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The Resistance of a wire.

Extracts from this document...

Introduction

Ashley Munns

Physics Investigation:

The Resistance of a wire

The task we have been set is to investigate what affects the resistance of a wire.

The 4 different variables that affect the resistance of a wire are:

  • Length of the wire
  • Area of cross-section of the wire
  • Material of the wire
  • Heat

In every circuit there is a current, I, a voltage, V, and a resistance, R.  The current is measured in amps, A, the voltage is measured in volts, V, and the resistance is measured in ohms, Ω.  To measure these different variables we can use a variety of equipment.  To measure the current we use an ammeter.  To measure the voltage we use a voltmeter. To measure the resistance you need to find the voltage and divide it by the current.  There is a simple triangle that we can use to find one of these variables, provided that you know what two of the others are.    

image03.png

Ohm’s law

Ohm’s law says that the current flowing through a metal wire is proportional to the potential difference across it providing the temperature remains constant.

So he came up with this equation:

Resistance, R = p.d across the wire (v)        

                          Current through the wire (I)

From this information he came up with this graph:

image04.png

This graph is an ideal ohmic conductor.

...read more.

Middle

50

0.8

0.9

0.8

0.833

7.6

7.8

7.8

7.733

60

0.9

0.9

0.9

0.9

7.2

7.2

7.3

7.233

70

0.9

0.9

0.9

0.9

5.8

6

5.4

5.733

80

0.9

0.9

0.9

0.9

5.2

5.4

5.8

5.467

90

1

1

0.9

0.967

4.2

4.4

4.6

4.4

100

0.9

0.8

0.8

0.833

4.4

4.8

4.6

4.6

110

0.9

0.9

1

0.933

4.1

4.4

4.4

4.3

120

0.9

0.9

1

0.933

3.8

3.9

3.9

3.87

This is my table of results that I got when I did my preliminary testing.  I was testing to see whether I was doing my experiment fairly and to see whether I would encounter any problems.  When I was setting the experiment up, I found that the voltmeter was faulty and that a few of the crocodile clips were also faulty.  After finally setting up the experiment with everything working correctly I was able to collect the above results.

The experiment worked well and we found that a stronger ammeter is needed to measure below 40cm because otherwise the needle went off of the scale.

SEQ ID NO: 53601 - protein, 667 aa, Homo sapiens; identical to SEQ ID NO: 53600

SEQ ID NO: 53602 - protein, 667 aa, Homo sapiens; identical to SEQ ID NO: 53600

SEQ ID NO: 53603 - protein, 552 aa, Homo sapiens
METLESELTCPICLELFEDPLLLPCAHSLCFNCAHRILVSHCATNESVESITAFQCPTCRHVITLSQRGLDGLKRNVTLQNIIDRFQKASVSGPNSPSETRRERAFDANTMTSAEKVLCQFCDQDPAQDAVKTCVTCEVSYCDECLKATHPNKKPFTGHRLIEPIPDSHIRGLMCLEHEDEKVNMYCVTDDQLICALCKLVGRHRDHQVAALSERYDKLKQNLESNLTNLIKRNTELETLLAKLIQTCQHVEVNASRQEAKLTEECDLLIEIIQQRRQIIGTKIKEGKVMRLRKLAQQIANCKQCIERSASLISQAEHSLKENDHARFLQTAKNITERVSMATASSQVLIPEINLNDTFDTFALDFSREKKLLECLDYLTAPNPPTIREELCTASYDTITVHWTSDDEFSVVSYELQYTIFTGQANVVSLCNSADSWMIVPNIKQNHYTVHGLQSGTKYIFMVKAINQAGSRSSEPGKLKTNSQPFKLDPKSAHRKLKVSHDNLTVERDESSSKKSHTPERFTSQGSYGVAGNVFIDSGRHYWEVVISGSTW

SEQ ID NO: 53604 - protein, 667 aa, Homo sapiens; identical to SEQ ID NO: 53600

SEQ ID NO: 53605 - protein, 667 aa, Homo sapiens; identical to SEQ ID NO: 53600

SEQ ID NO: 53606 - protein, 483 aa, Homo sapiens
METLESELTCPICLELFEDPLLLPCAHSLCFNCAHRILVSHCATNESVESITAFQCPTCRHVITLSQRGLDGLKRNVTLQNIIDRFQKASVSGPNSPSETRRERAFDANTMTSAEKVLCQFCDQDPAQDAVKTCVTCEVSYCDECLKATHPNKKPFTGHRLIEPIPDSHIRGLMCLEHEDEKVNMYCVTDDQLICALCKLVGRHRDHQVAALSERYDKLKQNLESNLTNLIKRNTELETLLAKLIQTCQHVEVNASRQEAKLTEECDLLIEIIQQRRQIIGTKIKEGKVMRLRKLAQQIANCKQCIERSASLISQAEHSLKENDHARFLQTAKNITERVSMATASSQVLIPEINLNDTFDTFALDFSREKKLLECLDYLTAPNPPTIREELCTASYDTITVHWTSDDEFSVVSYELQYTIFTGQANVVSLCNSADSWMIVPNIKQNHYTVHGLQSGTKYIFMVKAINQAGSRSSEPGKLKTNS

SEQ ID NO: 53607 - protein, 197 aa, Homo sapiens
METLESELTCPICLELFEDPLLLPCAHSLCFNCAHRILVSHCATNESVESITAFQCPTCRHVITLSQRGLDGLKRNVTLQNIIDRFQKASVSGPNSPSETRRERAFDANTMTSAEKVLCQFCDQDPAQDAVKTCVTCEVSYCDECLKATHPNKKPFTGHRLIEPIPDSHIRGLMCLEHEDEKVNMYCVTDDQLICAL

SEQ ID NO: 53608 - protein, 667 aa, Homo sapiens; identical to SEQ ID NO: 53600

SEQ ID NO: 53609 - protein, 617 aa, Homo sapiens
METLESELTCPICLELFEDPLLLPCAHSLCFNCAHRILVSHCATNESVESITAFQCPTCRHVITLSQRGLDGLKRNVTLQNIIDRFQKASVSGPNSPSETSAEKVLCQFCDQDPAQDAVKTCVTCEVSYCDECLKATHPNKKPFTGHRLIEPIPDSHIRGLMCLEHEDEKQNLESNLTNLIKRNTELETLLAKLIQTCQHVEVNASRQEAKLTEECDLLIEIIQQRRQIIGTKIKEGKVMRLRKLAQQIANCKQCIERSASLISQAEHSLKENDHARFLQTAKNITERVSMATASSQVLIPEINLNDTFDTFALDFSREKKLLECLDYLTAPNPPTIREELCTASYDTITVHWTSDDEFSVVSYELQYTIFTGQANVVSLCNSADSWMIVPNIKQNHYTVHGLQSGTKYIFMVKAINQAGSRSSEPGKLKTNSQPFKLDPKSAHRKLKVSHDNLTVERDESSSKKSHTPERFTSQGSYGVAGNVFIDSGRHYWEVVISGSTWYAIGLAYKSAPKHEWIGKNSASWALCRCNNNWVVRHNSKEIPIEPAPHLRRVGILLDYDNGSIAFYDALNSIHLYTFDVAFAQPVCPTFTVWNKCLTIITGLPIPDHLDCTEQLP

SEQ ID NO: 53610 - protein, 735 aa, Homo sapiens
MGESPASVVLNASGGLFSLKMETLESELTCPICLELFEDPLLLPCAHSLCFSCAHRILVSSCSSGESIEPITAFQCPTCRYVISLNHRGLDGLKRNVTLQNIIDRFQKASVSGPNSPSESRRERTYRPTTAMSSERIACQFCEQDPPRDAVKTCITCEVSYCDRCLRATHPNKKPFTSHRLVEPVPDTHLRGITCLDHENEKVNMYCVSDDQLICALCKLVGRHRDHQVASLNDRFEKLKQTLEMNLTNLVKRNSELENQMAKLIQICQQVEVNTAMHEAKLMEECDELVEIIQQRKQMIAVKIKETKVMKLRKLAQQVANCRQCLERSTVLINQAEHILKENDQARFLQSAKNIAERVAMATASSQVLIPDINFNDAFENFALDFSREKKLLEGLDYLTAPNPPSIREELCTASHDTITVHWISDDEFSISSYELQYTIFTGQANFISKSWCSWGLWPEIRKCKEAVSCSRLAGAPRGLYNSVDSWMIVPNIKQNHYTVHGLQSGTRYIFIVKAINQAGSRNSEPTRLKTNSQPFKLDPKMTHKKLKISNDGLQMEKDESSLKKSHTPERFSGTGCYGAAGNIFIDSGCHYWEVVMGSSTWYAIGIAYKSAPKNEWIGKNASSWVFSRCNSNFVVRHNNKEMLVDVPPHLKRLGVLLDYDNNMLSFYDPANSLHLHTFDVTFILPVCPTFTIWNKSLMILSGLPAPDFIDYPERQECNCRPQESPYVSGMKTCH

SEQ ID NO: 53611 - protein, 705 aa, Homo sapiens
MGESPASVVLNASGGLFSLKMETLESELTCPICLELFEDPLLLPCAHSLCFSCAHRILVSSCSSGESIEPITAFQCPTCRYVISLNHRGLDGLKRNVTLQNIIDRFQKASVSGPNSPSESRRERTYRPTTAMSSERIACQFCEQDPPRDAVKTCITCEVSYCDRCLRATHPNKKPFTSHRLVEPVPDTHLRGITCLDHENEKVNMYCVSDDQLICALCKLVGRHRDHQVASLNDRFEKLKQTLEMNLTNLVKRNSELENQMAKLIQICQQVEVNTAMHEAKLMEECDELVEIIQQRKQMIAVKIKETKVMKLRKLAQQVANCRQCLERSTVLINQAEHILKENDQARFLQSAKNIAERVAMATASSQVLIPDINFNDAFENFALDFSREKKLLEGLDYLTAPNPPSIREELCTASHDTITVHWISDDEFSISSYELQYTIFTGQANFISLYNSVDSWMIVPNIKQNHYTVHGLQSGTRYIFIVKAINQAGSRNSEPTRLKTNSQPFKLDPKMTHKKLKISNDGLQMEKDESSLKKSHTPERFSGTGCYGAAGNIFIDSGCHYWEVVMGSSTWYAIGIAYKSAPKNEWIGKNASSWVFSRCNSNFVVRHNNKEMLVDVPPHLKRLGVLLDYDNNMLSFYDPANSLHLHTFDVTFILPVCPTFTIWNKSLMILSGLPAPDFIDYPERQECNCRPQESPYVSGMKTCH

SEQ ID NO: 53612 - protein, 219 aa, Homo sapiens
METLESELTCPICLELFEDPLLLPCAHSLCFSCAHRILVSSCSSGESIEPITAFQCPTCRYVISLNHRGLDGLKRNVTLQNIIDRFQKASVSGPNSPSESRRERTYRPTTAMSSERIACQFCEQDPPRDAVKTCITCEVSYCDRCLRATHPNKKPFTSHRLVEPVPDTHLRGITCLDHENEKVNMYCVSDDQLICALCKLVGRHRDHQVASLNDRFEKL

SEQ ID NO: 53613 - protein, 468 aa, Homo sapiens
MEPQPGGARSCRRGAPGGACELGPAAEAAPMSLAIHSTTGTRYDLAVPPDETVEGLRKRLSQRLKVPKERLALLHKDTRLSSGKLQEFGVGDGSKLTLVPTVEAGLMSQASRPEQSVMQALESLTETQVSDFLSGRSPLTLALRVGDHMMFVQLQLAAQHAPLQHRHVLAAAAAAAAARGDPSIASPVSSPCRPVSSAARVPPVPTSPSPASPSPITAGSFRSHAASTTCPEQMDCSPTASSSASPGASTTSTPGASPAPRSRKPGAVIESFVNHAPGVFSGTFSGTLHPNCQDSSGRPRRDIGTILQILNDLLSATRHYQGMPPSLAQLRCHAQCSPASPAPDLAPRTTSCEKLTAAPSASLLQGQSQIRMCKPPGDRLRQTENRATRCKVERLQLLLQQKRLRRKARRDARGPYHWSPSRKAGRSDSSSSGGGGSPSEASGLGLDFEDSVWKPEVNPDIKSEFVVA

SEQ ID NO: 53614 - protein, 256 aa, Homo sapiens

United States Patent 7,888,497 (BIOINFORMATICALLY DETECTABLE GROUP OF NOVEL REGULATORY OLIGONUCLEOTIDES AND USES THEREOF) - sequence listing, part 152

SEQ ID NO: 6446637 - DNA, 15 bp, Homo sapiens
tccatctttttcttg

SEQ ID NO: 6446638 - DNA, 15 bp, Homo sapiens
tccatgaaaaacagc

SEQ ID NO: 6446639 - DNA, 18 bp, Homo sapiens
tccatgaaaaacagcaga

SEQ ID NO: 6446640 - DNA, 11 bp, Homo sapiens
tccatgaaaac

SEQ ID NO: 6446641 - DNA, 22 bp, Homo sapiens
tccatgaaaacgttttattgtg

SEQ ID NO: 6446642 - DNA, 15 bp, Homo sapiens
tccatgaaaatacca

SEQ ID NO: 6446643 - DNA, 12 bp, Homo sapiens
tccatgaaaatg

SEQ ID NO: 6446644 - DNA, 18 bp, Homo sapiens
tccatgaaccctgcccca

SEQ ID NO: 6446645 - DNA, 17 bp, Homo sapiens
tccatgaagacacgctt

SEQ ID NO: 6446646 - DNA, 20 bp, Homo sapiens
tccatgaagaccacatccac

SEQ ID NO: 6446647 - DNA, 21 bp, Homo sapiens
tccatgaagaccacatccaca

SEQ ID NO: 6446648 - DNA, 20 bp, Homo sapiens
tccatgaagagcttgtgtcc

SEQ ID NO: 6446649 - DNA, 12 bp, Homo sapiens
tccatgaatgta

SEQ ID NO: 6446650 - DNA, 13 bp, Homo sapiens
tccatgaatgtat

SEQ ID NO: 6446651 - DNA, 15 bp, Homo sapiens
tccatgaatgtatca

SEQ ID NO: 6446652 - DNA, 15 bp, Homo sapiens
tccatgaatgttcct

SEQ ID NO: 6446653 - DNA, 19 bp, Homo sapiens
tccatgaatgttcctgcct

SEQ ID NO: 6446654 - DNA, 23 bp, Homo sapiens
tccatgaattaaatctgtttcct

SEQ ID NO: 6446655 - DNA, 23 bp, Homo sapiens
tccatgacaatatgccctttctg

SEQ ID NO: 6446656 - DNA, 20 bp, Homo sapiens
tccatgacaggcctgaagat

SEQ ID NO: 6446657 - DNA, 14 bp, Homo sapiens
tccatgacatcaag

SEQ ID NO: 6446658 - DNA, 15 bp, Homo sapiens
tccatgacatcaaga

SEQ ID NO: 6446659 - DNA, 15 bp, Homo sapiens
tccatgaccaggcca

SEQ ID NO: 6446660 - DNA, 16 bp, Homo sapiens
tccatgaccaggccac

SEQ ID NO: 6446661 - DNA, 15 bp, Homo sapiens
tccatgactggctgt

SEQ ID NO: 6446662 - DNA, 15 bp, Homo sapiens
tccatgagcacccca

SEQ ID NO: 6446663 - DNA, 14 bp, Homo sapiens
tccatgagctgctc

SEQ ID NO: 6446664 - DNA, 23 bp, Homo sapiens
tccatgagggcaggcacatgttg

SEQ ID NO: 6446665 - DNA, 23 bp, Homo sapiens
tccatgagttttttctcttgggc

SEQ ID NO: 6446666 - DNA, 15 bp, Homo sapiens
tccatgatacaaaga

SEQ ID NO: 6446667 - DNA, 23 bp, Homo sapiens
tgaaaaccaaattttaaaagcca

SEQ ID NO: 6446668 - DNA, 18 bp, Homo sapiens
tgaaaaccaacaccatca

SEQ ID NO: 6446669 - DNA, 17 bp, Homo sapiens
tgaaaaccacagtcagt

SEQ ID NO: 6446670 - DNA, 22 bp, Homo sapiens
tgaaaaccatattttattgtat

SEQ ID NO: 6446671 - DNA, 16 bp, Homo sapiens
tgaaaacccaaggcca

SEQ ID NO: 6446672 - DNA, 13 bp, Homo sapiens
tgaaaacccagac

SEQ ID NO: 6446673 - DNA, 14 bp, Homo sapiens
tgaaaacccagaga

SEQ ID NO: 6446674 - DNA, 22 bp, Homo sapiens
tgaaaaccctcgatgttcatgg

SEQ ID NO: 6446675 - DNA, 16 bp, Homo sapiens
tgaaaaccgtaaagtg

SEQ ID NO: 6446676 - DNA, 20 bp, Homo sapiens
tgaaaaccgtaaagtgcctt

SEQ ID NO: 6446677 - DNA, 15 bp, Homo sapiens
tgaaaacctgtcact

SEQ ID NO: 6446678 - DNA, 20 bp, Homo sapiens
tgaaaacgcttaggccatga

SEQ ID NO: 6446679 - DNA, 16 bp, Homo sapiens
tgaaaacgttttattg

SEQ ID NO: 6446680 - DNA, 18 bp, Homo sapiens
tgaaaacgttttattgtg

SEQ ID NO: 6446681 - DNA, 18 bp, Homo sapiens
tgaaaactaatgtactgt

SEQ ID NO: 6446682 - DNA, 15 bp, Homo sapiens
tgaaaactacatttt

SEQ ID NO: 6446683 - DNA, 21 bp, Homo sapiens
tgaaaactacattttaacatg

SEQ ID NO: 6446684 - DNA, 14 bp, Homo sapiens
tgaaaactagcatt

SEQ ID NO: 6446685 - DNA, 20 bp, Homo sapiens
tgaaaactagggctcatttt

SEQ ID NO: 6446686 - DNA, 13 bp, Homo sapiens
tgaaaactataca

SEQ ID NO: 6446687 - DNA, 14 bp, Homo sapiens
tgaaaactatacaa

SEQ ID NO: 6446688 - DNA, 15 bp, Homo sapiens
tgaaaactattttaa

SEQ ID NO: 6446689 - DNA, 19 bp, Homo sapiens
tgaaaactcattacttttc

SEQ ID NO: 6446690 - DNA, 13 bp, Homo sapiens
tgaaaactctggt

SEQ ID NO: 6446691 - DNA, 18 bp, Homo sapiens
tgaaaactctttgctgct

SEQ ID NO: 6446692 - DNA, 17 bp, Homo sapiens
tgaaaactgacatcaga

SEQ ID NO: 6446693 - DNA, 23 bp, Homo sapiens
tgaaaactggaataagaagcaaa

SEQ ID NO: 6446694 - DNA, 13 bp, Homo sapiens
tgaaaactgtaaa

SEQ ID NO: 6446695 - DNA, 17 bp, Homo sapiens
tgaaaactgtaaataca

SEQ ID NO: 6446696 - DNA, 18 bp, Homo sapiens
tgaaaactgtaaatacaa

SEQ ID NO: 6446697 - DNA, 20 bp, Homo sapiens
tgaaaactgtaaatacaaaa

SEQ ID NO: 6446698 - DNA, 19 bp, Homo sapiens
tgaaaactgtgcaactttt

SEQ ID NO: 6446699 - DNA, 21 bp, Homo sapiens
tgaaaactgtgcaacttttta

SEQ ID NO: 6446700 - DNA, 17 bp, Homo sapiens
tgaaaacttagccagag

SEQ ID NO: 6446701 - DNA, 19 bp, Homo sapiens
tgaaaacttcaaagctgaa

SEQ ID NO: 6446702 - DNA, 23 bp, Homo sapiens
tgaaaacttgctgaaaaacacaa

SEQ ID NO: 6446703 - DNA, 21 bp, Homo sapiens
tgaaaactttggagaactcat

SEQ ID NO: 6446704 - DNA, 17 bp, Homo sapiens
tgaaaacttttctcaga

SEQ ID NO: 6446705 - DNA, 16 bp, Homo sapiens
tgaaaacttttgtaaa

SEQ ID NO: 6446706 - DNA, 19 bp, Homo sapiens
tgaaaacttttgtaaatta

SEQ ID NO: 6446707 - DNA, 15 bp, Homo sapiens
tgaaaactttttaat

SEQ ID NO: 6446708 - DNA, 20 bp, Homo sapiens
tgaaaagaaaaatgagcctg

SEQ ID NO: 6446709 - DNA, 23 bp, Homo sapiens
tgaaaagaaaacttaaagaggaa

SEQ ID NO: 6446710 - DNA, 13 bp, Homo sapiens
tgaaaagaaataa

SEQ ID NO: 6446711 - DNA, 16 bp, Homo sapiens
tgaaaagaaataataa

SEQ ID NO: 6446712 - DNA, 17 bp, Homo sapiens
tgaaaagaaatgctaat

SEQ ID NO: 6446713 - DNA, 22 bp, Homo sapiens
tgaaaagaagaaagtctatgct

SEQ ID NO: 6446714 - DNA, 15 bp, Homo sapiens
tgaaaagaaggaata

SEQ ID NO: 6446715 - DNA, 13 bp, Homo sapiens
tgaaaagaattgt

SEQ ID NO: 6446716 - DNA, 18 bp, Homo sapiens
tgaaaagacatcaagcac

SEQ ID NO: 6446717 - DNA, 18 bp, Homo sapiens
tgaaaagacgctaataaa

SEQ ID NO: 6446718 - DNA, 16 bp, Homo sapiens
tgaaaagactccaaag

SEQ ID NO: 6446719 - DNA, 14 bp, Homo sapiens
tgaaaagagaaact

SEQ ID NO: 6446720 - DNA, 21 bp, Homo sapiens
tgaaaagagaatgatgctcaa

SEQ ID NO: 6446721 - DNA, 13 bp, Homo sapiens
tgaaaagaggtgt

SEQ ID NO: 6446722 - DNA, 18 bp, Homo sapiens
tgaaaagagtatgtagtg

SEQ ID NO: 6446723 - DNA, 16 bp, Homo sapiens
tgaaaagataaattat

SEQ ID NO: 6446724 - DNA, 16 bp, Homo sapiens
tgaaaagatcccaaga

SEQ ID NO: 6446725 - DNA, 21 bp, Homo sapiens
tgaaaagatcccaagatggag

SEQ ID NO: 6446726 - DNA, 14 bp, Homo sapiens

Method

Equipment:

  • A metre ruler
  • Crocodile Clips
  • Power Pack
  • An ammeter
  • A voltmeter
  • A length of wire (roughly 150cm)

A length of wire is taped at both ends to a metre rule.  It is then attached to a circuit consisting of an ammeter in series and a voltmeter in parallel. One crocodile clip will be permanently placed at one end of the wire and another crocodile clip will be moved along the wire to produce different lengths for us to take readings from.  I will take readings from the voltmeter and from the ammeter and put these into a table.

...read more.

Conclusion

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1.21

1.20

0.58

20

0.83

0.83

0.83

0.83

0.85

0.87

0.85

0.85

0.97

30

0.91

0.91

0.92

0.91

0.65

0.66

0.65

0.65

1.40

40

1.00

0.97

0.97

0.98

0.53

0.52

0.52

0.52

1.88

50

1.02

1.03

1.02

1.02

0.44

0.42

0.43

0.43

2.37

60

1.06

1.06

1.05

1.06

0.38

0.38

0.38

0.38

2.79

70

1.09

1.10

1.08

1.09

0.34

0.33

0.33

0.33

3.30

80

1.11

1.11

1.11

1.11

0.29

0.29

0.30

0.29

3.83

90

1.13

1.13

1.13

1.13

0.27

0.27

0.27

0.27

4.19

100

1.15

1.14

1.14

1.14

0.25

0.25

0.24

0.25

4.56

110

1.16

1.16

1.16

1.16

0.21

0.22

0.22

0.22

5.27

120

1.17

1.18

1.17

1.17

0.20

0.20

0.21

0.20

5.85

From my graph I have found out that the resistance increases as the length increases.  From my graph I have found that Ohm’s law works and that the resistance is proportional to the length of the wire.

Examples of this are:

30cm: 1.4 Ω

60cm: 2.79Ω

40cm: 1.88Ω

80cm: 3.83Ω

On my graph I have drawn a line of best fit so that I would be able to accurately predict the resistance of a length of wire that I have not yet measured.

...read more.

This student written piece of work is one of many that can be found in our GCSE Electricity and Magnetism section.

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